In Budgeting, Travel

How do I find the cheapest flights online? A review of flight comparison tools

When I book flights, it takes me about 2-3 weeks of research to get the right flight, mostly because my time is flexible and I want the best price.

Here are a few search engine tools I use:

HYPOTHETICAL SITUATION: TORONTO TO NYC IN APRIL / MAY 2013

I did a quick search from Toronto Pearson Airport (YYZ) to New York City (any airport but I actually really hate flying into the Newark, NJ (NWK) because of the cost of getting to Manhattan itself, whereas Laguardia (LGA) has a direct bus and train into the city).

Photograph-Travel-NYC-Central-Park-New-York-City-USA

 Photograph I took of Central Park

For my dates, I chose April 30th until May 11th (randomly) and I checked the tickets for one person flying Economy.

Keep in mind that if it is more than ONE person, you should really do searches for the exact number of people, because there might be a deal for only one seat on the plane, but no other ones available for the exact itinerary

(Yes I made this EXACT mistake, and I am trying to save you the pain of having to back out everything).

IN GENERAL, THIS IS HOW EACH TRAVEL SEARCH SITE FARED WITH MY ABOVE CRITERION:

(Haha get it? FARED!… Oh never mind.)

The most commonly known of them all is Travelocity.

The most comprehensive one to use was Google’s Matrix ITA with the runner-up being Sky Scanner


The simplest (but most static) one to use was Kayak.

The one that was the most fun to play with was Hipmunk.

The absolute worst is using actual airline websites themselves, but you should try them out too to make sure the fares being quoted are correct (or perhaps cheaper, as their sites are real-time). (Nobody likes their sites)

What I do is I search for sites on the other flight scanning sites, then I go to the actual airline itself to see if there’s a better deal going directly with them.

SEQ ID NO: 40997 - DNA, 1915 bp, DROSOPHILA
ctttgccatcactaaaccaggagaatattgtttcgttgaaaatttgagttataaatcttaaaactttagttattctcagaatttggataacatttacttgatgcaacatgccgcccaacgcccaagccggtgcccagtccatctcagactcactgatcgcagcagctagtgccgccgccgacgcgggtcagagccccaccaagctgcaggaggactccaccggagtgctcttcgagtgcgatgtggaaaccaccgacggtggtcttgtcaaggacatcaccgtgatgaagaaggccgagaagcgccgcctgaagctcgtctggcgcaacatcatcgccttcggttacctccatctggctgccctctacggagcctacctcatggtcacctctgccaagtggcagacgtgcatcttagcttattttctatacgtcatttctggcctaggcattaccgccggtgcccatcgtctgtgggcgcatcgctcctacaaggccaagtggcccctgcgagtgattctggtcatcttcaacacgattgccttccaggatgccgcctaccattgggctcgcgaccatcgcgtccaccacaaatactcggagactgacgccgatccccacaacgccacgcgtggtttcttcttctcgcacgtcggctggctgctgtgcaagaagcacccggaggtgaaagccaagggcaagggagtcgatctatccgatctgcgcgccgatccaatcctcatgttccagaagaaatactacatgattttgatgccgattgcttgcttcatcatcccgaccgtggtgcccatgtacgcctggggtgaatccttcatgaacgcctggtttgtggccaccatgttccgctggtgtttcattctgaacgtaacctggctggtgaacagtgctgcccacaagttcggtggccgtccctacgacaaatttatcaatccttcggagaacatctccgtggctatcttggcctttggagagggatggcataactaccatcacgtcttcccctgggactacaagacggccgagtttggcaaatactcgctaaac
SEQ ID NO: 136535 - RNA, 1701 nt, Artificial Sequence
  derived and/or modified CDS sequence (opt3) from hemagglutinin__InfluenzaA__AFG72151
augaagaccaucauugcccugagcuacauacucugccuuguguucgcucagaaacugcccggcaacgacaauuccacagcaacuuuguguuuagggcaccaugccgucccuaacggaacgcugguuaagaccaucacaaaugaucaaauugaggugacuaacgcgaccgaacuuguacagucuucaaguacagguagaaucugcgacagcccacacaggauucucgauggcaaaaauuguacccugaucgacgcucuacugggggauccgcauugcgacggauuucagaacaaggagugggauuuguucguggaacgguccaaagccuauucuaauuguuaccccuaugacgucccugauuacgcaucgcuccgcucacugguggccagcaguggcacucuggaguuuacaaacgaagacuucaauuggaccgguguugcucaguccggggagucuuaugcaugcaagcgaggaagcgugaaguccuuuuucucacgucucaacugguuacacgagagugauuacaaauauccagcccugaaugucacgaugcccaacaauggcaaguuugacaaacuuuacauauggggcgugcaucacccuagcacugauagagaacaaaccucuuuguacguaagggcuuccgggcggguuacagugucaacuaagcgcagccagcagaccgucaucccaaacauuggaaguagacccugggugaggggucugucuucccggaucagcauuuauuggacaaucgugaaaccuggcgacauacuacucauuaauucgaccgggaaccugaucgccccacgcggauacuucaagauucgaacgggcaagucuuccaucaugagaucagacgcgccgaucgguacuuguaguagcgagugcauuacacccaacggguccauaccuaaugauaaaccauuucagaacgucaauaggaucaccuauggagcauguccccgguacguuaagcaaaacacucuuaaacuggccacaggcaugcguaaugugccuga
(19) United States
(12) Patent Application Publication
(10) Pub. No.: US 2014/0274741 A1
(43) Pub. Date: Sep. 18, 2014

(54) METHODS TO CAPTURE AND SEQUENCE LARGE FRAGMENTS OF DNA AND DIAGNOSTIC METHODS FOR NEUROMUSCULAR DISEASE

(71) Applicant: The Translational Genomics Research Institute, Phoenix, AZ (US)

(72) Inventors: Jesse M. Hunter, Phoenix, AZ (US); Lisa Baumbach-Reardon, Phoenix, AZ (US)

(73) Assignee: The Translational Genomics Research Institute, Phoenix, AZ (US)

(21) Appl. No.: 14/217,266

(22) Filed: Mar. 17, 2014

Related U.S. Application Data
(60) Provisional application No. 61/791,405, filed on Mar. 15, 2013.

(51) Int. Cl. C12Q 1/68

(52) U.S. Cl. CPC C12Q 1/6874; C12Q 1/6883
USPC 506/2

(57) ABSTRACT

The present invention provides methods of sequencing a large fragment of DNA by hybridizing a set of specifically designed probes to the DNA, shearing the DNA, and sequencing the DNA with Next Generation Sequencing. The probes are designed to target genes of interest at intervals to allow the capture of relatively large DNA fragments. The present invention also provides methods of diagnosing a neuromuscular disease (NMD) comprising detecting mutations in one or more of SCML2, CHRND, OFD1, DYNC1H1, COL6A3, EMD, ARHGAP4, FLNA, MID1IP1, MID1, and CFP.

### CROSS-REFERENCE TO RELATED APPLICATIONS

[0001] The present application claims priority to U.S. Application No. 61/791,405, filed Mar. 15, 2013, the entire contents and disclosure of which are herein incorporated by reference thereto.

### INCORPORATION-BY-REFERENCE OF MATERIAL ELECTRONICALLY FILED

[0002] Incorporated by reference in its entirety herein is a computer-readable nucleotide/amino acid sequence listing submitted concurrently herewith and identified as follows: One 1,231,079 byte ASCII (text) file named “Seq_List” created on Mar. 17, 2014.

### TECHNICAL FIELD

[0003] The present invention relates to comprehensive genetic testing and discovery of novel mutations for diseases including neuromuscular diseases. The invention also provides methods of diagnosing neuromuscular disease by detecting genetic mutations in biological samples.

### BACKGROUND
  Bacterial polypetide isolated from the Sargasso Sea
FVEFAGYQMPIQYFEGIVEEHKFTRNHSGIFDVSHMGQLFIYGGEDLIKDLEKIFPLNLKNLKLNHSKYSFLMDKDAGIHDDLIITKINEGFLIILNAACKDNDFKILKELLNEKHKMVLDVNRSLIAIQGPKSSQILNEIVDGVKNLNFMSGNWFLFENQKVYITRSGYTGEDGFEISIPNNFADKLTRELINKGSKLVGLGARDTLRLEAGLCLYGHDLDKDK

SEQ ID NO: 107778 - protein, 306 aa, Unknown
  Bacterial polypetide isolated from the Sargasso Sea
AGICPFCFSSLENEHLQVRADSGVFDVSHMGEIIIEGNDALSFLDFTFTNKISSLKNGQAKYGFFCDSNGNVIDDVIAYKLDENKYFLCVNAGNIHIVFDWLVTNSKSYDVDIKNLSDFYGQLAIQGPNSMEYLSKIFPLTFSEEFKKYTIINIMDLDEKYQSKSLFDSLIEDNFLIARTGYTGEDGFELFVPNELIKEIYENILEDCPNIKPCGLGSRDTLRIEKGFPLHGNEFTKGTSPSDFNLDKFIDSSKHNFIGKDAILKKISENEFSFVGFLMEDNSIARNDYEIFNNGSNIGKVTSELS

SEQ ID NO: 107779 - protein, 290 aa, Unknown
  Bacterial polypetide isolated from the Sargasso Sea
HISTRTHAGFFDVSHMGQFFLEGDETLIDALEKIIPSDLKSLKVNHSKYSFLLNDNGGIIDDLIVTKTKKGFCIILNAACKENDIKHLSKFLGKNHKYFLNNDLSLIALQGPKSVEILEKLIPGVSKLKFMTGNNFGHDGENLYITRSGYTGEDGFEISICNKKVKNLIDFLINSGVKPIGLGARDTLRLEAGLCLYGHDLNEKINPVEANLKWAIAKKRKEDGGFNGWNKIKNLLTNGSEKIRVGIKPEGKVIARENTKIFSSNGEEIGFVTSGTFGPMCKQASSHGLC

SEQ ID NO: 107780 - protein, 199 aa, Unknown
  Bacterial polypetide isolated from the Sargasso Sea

The most tedious one to get started with, was GetGoing because you had to wait for an invite, so I didn’t even “get going”, so to speak. *crosses it off her list*

I use each flight scanner each time I go online to look at flight prices, to see if I can get a better deal.

It really depends.

MY QUICK REVIEWS OF EACH TRAVEL FLIGHT SEARCH ENGINE SITE:

SKY SCANNER

Skyscanner-Search-flights-engine

This is a great place to browse different flights.

If you scroll down a bit on the page you will see a box that says: Cheap Flights, and then the name of a country.

 

Click on that, and you’ll see a list of cheap flights (literally); whether you want to go there or not, is another story, but if you end up in Europe, you can always take the train.

 

If you know (generally) when you’d like to go within about 2 months, you can find the best flight time frames, and then just request vacation days for those weeks.

Skyscanner-search-engines-result-NYC-to-Toronto

I don’t find it as easy to use as Matrix — the list is too fat, and I’d rather see a nice long page of flights than to have to scroll with an embedded frame or window on the page.

It’s not as clean, but it’s slightly cheaper.

MATRIX AIRFARE SEARCH

Matrix-ITA-Software-Google-SearchComes in Apple iTunes app or in Android app form too!

This is a great site to compare prices of flights if you know when and where you’re going.

I find it a LOT easier to use than other sites.

You can build single flights, or multi-stop flights, and choose a bunch of (simple) filters like whether you want to fly Nonstop or not, then you get a SUPER simple list that shows the mix of airlines for the best prices:

  • How many stops it is (Non-stop or more than 1 stop)
  • The range of prices
  • The airlines
  • The departure and arrival times
  • Duration
  • The airports (flying into or out of)

It is slightly more expensive than using SkyScanner (no idea why), by about $4. I did the same search in both.